1. Whether the district court erred in denying a motion to dismiss on statutory speedy trial grounds is a question of law over which the appellate court has unlimited review.
2. In a trial de novo in district court following a municipal court conviction, the district court judge stands in the shoes of the municipal court judge and, without regard for the prior rulings and findings of the municipal court judge, tries those issues anew. This de novo trial authority includes the power and responsibility to revisit those motions raised before the municipal court judge that are renewed in the de novo trial.
3. When a defendant agrees to waive the statutory right to a speedy trial in connection with an agreed continuance that would bring the matter before the municipal court again on a date certain, a defendant's waiver is not open-ended and unconditional but rather a conditional waiver that later may be withdrawn, thereby obligating a city to exercise due diligence in its prosecution of a defendant.
4. The time limit for prosecution in municipal court described in K.S.A. 12-4501 is more stringent than the time limit for trial in the district court described in K.S.A. 22-3402.
Appeal from Johnson District Court; JOHN ANDERSON III, judge. Opinion filed February 11, 2005. Reversed.
Joseph L. Dioszeghy, of Olathe, for appellant.
Jackie Rokusek and Karen L. Torline, assistant city attorneys, for appellee.
Before GREEN, P.J., PIERRON and McANANY, JJ.
McANANY, J.: Daniel S. Patch appeals from his convictions for driving under the influence of alcohol, exhibition of acceleration, and failure to stop at a stop sign. Because the City of Shawnee (City) violated the speedy trial requirements of K.S.A. 12-4501, we reverse.
Patch was charged on September 7, 2001. The case was set for first appearance on September 24, 2001, at which time defense counsel entered his appearance and set the case for an attorney plea docket on October 10, 2001. Thereafter, the case was continued twice at Patch's request to January 17, 2002. On that date Patch waived his speedy trial right and agreed with the prosecutor to continue the matter to June 20, 2002. On June 20, 2002, the case was continued once again at Patch's request to August 14, 2002. On August 14, Patch requested a trial setting. Patch concedes that the delays in the disposition of the case prior to August 14, 2002, were chargeable to him.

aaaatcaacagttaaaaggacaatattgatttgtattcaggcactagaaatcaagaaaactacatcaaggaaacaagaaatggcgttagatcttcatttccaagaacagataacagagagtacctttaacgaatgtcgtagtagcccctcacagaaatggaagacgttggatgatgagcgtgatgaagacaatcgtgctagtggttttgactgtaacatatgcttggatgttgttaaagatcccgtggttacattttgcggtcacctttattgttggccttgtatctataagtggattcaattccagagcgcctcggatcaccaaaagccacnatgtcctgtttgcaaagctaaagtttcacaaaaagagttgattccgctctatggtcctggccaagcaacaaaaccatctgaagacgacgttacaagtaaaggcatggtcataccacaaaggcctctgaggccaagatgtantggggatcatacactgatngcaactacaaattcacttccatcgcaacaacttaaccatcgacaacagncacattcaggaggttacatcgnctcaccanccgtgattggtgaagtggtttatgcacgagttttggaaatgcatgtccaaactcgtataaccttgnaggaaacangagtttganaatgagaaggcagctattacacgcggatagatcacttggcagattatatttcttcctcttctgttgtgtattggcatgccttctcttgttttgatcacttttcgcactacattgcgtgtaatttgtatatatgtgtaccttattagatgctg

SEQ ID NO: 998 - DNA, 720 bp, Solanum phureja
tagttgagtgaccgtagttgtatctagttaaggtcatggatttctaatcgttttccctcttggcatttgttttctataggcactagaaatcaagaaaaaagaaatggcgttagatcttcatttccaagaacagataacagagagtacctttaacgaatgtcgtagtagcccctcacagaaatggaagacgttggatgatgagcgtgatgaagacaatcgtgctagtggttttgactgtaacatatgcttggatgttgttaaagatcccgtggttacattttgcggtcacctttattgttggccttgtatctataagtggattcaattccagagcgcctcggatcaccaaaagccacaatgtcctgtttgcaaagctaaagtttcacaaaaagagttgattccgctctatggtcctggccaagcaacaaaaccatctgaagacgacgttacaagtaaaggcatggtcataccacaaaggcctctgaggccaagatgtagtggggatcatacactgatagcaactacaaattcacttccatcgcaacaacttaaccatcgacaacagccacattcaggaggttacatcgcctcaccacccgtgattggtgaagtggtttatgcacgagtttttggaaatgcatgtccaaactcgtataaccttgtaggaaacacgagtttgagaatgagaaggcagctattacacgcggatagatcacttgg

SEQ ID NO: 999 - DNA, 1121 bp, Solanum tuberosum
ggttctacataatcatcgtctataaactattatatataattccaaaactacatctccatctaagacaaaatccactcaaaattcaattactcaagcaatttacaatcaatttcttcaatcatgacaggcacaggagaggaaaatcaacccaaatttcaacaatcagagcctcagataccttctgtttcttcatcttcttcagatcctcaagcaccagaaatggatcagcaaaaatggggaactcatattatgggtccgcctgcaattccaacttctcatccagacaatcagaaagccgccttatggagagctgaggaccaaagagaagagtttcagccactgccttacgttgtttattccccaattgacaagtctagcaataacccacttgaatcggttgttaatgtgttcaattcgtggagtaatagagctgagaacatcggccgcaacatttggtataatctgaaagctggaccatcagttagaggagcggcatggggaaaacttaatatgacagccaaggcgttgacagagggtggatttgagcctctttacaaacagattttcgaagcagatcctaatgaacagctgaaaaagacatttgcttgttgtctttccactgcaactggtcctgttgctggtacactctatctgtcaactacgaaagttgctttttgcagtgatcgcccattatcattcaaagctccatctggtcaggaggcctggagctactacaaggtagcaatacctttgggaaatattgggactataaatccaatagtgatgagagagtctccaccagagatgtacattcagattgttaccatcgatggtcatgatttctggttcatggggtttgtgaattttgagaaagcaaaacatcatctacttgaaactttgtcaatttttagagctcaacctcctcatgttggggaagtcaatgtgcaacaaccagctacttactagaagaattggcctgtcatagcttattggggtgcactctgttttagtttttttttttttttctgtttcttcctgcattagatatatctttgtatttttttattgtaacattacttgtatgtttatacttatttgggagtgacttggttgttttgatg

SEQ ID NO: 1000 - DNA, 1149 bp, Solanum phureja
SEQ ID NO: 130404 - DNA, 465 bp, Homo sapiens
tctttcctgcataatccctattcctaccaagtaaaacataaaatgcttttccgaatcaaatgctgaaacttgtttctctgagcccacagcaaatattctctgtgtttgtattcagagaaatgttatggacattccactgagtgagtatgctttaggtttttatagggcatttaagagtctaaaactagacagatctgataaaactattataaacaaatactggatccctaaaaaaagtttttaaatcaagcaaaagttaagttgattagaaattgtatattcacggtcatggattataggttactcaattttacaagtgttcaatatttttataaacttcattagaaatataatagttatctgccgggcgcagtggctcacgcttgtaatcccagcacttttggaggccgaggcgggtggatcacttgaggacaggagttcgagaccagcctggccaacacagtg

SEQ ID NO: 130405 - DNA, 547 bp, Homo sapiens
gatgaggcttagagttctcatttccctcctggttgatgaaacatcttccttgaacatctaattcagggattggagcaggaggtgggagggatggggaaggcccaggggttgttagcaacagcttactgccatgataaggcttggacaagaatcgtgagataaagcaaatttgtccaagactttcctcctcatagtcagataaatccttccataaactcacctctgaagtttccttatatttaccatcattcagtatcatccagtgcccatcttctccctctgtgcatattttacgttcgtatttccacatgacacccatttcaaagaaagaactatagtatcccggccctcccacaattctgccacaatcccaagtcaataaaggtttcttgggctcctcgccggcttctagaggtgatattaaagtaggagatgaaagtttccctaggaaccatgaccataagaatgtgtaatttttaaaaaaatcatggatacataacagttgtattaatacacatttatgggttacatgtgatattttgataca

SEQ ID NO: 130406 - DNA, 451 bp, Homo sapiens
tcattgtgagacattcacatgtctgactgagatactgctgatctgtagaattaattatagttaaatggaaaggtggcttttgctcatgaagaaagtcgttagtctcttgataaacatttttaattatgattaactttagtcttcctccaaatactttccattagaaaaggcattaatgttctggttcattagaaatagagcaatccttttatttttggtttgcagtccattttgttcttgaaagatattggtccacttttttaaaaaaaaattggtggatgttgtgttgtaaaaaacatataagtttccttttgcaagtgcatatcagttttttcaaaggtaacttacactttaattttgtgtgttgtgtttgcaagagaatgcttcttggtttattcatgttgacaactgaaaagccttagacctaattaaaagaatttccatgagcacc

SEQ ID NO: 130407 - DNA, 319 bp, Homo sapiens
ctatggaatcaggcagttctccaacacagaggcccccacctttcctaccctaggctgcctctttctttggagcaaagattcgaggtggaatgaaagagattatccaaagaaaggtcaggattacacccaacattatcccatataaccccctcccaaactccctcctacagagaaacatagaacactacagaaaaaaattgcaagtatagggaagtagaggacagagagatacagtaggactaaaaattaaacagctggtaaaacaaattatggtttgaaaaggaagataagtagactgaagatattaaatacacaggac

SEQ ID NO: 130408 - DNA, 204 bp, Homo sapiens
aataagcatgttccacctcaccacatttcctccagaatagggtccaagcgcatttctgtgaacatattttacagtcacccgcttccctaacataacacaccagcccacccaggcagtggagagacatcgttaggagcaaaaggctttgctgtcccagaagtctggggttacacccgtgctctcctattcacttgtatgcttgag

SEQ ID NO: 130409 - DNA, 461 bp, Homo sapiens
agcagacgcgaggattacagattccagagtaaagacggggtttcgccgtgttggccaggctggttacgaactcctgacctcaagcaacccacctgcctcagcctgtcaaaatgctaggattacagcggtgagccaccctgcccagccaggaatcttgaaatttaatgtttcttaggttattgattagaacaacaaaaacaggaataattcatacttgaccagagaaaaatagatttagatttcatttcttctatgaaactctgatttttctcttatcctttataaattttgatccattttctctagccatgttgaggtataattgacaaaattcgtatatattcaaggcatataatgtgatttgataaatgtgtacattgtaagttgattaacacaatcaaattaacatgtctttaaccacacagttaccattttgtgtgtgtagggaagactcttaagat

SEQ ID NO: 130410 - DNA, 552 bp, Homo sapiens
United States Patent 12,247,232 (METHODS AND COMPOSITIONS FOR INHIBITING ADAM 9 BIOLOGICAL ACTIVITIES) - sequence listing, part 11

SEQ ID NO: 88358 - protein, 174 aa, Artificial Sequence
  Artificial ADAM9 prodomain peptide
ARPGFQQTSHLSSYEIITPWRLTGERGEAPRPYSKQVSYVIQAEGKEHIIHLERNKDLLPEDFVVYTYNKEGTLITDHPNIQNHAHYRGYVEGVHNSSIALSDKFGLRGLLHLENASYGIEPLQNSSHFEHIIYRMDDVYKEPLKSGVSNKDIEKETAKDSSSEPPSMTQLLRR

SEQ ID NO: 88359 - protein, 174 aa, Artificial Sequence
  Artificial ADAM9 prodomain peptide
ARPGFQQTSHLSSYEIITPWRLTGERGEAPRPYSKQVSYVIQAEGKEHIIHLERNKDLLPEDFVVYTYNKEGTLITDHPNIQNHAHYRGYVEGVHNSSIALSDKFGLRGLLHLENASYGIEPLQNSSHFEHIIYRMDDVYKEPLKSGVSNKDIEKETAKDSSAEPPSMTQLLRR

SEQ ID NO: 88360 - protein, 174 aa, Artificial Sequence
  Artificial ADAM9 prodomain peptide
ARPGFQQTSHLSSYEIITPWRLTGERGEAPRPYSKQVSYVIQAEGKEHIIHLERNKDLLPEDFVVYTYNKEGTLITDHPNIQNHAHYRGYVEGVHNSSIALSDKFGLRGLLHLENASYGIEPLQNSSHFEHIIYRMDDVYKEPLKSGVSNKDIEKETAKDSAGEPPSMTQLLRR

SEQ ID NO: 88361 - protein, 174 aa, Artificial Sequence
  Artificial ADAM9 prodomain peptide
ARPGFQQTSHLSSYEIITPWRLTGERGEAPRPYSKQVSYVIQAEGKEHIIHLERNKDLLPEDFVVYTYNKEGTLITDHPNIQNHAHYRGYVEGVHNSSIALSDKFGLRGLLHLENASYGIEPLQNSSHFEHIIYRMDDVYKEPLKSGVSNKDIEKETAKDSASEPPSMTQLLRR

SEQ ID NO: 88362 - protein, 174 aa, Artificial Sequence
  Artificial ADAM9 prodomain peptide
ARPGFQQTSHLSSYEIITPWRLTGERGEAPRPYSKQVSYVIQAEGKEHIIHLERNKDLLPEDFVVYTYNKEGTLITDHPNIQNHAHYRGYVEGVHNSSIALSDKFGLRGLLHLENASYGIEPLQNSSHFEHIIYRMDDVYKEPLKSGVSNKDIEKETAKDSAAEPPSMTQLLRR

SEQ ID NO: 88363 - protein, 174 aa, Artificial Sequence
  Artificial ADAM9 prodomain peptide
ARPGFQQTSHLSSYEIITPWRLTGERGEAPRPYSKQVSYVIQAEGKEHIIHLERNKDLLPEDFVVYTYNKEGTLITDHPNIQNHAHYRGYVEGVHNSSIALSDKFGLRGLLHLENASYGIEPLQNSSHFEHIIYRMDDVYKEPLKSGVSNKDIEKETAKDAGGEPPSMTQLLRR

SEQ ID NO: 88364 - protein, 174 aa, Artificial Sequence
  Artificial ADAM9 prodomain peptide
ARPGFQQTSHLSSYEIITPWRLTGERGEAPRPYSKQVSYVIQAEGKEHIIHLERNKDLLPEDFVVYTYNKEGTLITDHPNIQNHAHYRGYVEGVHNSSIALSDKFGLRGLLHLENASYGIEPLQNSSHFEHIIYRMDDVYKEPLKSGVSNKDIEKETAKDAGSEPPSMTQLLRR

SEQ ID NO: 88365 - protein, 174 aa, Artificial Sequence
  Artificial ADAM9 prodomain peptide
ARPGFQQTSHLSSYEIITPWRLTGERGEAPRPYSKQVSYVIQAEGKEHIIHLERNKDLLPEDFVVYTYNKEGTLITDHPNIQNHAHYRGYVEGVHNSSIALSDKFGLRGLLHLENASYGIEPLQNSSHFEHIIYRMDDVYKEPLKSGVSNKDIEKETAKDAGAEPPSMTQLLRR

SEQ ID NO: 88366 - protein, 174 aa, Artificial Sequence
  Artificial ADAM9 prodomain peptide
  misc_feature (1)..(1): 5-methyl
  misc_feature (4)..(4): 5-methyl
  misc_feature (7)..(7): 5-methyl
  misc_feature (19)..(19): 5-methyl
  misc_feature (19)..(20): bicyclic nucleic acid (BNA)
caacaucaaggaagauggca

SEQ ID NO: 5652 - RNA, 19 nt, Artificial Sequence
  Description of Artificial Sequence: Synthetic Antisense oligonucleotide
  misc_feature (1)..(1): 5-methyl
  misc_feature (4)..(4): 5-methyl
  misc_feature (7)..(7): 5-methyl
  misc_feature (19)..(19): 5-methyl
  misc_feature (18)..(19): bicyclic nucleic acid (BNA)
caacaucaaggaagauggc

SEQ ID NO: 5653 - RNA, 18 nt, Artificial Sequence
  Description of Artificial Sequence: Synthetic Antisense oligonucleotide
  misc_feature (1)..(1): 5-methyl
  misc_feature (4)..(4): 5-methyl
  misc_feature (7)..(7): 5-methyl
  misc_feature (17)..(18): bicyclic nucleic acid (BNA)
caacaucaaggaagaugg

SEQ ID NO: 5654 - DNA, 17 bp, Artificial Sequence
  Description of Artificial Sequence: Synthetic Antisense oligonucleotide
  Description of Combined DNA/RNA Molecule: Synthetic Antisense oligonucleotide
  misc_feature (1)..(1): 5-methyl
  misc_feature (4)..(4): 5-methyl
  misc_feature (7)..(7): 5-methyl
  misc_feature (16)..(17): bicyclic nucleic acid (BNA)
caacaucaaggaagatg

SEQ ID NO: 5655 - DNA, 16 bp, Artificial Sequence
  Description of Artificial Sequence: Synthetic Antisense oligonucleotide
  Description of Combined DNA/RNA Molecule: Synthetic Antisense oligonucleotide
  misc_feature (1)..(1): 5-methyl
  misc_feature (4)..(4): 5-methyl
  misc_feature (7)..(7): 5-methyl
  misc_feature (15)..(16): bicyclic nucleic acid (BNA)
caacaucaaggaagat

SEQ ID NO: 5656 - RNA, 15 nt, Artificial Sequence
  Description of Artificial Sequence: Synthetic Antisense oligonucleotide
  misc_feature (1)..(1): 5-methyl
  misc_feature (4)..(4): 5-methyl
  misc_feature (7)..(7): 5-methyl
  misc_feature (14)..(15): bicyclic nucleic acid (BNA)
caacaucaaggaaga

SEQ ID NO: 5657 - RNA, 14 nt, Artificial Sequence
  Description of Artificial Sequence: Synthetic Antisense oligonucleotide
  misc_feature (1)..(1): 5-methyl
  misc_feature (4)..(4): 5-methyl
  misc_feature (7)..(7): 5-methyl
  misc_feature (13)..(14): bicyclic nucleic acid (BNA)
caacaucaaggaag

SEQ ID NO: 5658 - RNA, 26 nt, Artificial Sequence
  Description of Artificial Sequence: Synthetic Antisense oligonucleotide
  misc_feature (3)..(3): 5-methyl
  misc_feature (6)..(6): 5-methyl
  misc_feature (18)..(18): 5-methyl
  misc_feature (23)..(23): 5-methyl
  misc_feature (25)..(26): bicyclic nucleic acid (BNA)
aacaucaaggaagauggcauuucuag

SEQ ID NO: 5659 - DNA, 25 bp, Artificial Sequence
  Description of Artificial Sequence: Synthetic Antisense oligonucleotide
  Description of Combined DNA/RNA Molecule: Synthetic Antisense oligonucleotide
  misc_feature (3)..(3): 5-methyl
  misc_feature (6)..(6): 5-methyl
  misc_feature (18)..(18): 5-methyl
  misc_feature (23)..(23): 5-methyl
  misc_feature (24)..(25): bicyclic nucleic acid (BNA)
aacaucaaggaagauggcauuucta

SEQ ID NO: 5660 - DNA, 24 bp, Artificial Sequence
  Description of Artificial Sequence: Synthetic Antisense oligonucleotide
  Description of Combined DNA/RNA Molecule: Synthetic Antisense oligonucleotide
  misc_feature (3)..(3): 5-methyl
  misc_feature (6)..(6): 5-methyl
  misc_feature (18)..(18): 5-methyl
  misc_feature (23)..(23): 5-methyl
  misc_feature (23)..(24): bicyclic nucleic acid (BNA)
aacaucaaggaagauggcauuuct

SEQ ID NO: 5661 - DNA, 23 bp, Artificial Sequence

The court set the case for trial on October 17, 2002. On October 17, the City requested a continuance which the court granted. The court set a new trial date of December 19, 2002. On that new trial date, the City again requested a continuance. When the court denied the continuance, the case was dismissed without prejudice and the City immediately refiled the charges. When the newly filed case appeared on the January 15, 2003, scheduling docket, the court set the matter for trial on March 20, 2003.
On March 20, 2003, Patch moved to dismiss for denial of a speedy trial. The court denied Patch's motion and ruled that he had waived his speedy trial rights in the prior case on January 17, 2002. Patch was then tried on stipulated facts and found guilty on all counts except for a minor in possession charge.
Patch appealed to the district court and renewed his motion to dismiss for violation of his statutory right to a speedy trial. The district court denied Patch's motion and found him guilty of the three charges he was convicted of in municipal court. Patch's appeal now brings the matter before us.
Patch claims the district court erred in denying his motion to dismiss. This issue involves a question of law over which we have unlimited review. See State v. Smith, 271 Kan. 666, 681, 24 P.3d 727, cert denied 534 U.S. 1066 (2001).